Residential treatment is often recommended for those with more significant disorders, or those who have been through day treatment but are still trying to become fully recovered. The increased focus on treatment, with staff available 24/7 to help the teen when she requires it, can facilitate faster and more thorough progress and provide a support structure that can prove beneficial.

7. Using evidence-based psychological therapies.

There can be plenty of benefits that come with a holistic treatment program, but the foundation for treatment should be based on evidence-based psychological therapy. There are several types of therapy research has shown can be beneficial for helping improve body image issues in teens and eating disorders in general. These include:

  • Cognitive behavioral therapy:Often referred to as CBT, this type of therapy is helpful for identifying feelings and thoughts. Once the teen can learn to identify thoughts that are distorted, like those surrounding her body image, she can practice methods for altering those thoughts.
  • Group CBT: Therapy conducted with a group and overseen by a mental health professional can bring added benefits to individual CBT sessions. It can be helpful to see thoughts and feelings mirrored in others who are also attempting to recover from an eating disorder and it can be beneficial to learn skills presented in group therapy and practice those skills in the real world.
  • Family-based therapy:Family therapy sessions bring in the close family members of the teen so both parents/guardians and teens can learn ways to improve eating habits and replace unwanted behaviors. Parents are often surprised to discover how much benefit they get out of such sessions, particularly in relation to the eating disorder, such as identifying issues and providing useful, effective support to help their teen address these issues.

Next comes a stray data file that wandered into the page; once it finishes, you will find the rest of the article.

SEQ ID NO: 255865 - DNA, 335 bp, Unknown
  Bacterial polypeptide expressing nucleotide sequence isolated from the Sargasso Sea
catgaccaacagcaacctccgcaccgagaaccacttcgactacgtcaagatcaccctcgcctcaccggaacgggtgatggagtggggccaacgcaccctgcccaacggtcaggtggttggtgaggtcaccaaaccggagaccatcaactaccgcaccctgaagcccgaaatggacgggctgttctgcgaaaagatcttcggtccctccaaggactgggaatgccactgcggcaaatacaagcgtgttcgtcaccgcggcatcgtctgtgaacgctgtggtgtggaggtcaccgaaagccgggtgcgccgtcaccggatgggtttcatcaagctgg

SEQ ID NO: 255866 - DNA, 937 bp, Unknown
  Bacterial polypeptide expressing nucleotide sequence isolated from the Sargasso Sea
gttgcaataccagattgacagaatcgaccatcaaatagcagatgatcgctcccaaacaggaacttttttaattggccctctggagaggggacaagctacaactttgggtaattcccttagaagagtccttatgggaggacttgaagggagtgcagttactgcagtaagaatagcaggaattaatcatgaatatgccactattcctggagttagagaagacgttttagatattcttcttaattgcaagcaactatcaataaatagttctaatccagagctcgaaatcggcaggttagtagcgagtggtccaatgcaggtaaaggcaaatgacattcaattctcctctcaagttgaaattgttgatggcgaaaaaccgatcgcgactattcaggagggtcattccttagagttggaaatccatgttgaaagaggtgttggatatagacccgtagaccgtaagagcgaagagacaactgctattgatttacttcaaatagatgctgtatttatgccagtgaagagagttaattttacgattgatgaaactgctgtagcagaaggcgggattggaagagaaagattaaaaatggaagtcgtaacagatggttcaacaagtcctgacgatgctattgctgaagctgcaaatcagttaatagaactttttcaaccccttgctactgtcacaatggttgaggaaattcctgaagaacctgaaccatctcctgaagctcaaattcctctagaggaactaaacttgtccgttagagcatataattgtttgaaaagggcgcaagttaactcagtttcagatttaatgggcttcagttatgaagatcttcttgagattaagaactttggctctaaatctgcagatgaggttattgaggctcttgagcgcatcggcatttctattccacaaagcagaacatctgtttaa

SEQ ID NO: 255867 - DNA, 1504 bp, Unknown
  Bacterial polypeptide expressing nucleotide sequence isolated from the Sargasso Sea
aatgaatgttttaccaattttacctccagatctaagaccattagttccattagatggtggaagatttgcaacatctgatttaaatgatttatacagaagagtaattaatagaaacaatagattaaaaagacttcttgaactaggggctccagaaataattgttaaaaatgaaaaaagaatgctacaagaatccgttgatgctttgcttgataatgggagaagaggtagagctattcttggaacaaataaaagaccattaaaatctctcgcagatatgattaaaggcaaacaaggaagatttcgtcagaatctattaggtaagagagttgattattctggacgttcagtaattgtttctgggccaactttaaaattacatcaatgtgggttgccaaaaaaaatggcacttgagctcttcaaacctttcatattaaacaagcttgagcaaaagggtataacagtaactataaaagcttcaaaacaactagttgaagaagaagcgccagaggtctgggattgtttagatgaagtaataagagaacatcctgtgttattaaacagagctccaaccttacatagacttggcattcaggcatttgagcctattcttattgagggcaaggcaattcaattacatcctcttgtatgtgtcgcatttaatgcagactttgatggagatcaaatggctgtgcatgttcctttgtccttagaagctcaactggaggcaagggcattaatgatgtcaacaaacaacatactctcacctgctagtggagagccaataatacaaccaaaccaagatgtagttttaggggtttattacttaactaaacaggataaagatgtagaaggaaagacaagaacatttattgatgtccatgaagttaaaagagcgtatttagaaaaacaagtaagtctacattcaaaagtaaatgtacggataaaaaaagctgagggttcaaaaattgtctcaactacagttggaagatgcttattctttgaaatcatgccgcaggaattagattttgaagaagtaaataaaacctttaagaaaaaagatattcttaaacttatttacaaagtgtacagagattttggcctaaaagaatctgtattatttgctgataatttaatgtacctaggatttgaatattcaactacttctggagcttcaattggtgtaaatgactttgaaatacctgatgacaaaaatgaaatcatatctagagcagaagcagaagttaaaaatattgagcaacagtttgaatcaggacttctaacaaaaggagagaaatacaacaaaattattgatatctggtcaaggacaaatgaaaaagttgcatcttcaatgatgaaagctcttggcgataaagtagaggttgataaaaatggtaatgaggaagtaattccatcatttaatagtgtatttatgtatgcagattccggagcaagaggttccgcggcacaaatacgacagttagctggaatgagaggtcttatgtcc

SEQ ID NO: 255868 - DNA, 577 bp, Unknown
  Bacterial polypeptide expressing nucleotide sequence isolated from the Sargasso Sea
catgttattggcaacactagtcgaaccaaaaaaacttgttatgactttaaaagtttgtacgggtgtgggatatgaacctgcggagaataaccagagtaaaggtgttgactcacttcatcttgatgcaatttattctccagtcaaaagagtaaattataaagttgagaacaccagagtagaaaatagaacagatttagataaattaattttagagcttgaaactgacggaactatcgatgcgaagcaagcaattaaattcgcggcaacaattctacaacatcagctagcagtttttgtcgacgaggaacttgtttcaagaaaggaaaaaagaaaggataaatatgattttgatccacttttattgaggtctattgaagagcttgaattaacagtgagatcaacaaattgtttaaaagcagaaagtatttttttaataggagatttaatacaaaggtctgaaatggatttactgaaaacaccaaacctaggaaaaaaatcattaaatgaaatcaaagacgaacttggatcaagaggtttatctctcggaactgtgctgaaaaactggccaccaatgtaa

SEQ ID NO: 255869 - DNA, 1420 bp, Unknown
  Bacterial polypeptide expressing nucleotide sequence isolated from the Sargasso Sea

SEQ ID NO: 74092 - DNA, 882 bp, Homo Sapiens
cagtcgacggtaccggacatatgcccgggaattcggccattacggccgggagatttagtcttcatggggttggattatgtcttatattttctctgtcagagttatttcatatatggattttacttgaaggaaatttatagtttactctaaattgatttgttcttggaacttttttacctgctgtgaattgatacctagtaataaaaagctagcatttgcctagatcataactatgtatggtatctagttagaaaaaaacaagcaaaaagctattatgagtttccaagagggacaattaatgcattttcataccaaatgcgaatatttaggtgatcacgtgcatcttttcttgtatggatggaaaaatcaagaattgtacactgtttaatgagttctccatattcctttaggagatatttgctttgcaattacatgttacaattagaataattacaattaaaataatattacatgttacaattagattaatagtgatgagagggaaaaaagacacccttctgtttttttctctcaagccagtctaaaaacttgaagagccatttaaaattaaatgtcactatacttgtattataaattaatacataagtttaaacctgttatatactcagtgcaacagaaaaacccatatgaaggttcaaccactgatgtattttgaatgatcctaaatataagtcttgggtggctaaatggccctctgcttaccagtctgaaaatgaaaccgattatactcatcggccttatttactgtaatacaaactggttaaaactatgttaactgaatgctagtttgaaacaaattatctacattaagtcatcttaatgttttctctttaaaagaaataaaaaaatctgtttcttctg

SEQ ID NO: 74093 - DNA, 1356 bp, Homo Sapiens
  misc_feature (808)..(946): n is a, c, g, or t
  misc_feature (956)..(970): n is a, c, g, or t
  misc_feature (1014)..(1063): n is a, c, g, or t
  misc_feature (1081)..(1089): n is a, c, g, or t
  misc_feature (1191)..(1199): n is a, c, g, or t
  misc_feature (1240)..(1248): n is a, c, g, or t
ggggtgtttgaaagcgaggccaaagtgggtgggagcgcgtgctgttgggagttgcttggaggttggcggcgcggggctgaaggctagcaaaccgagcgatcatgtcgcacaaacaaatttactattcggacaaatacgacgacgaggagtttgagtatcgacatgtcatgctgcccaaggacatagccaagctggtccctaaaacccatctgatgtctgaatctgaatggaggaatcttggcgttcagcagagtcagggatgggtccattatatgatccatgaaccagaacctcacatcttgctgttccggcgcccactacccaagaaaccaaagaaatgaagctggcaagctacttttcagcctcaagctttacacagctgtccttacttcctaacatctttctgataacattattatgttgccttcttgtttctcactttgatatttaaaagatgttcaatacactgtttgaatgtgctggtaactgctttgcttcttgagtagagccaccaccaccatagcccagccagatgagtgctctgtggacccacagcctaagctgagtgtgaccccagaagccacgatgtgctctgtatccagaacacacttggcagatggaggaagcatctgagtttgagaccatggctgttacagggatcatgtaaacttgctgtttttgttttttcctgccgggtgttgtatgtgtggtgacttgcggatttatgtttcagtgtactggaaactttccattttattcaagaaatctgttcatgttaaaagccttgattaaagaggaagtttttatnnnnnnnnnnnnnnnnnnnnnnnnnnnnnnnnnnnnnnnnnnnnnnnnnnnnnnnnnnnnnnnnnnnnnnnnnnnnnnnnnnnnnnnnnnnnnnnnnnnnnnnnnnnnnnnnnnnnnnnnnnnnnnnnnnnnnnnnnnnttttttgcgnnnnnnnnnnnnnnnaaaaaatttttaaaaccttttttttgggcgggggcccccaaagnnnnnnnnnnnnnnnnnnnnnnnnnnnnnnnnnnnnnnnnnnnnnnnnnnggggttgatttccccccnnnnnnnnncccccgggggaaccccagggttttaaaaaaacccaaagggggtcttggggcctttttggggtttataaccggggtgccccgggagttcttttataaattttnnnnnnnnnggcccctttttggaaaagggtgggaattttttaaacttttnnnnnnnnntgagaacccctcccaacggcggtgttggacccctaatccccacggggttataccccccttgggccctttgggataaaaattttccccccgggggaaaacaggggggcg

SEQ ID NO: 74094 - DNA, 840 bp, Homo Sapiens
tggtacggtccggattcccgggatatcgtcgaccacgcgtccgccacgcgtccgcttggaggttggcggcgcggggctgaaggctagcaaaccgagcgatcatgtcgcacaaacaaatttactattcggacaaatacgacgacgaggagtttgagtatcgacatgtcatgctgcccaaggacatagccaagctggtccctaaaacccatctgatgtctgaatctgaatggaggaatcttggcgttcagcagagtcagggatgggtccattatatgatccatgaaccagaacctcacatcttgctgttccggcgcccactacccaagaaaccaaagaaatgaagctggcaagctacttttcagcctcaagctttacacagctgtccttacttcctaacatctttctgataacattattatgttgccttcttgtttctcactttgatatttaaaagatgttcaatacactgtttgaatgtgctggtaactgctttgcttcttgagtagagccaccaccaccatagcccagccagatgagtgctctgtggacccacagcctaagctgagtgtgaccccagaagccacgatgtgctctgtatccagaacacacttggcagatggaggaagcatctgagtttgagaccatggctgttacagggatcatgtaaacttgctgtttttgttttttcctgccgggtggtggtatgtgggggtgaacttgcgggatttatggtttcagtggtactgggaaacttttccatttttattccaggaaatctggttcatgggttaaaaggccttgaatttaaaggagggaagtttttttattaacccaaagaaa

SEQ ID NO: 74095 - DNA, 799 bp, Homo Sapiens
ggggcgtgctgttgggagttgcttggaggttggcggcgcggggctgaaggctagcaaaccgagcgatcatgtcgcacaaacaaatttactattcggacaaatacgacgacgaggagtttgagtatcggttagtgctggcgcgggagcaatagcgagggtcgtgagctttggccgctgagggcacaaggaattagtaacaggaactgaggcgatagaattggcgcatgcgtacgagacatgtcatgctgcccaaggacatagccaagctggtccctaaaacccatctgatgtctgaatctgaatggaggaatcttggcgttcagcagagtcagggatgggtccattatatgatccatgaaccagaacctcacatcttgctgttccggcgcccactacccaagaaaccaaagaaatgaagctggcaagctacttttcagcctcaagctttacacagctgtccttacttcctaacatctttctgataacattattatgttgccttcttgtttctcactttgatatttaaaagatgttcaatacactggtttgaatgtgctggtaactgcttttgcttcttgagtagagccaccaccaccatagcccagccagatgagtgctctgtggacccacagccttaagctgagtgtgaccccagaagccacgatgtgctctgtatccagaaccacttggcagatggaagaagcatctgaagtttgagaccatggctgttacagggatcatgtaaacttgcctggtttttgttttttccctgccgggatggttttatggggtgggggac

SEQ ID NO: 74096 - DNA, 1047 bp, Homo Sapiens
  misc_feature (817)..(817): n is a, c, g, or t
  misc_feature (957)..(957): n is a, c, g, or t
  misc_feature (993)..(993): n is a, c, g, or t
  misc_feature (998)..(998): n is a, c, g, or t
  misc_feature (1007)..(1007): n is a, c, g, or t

• Dialectical behavioral therapy:Also referred to as DBT, this therapy trains participants in certain skills that can be quite useful for regulating emotions. Techniques such as mindfulness are learned and can become more effective over time, especially when practiced regularly.

8. Willingness to engage in experiential therapies.

There are a variety of experiential therapies practiced at treatment centers that teenage girls respond well to, including exposure therapy, music therapy and art therapy. Respected treatment centers for teens should be aware of the effectiveness of these special kinds of treatment and be willing to include some of them in their programs where possible. Time spent exploring, adventuring, bonding with animals and engaging in other positive experiences can help teenage girls reconnect with their feelings and feel more connected to the world around them.

Help Finding Treatment for Teen Eating Disorders

If you would like more information on treatment options for teenage girls with eating disorders, including day treatment programs for teens and residential treatment programs for teens, we are here to help. Our treatment team is here to provide compassionate guidance on what options are available and what may be right for your unique circumstances.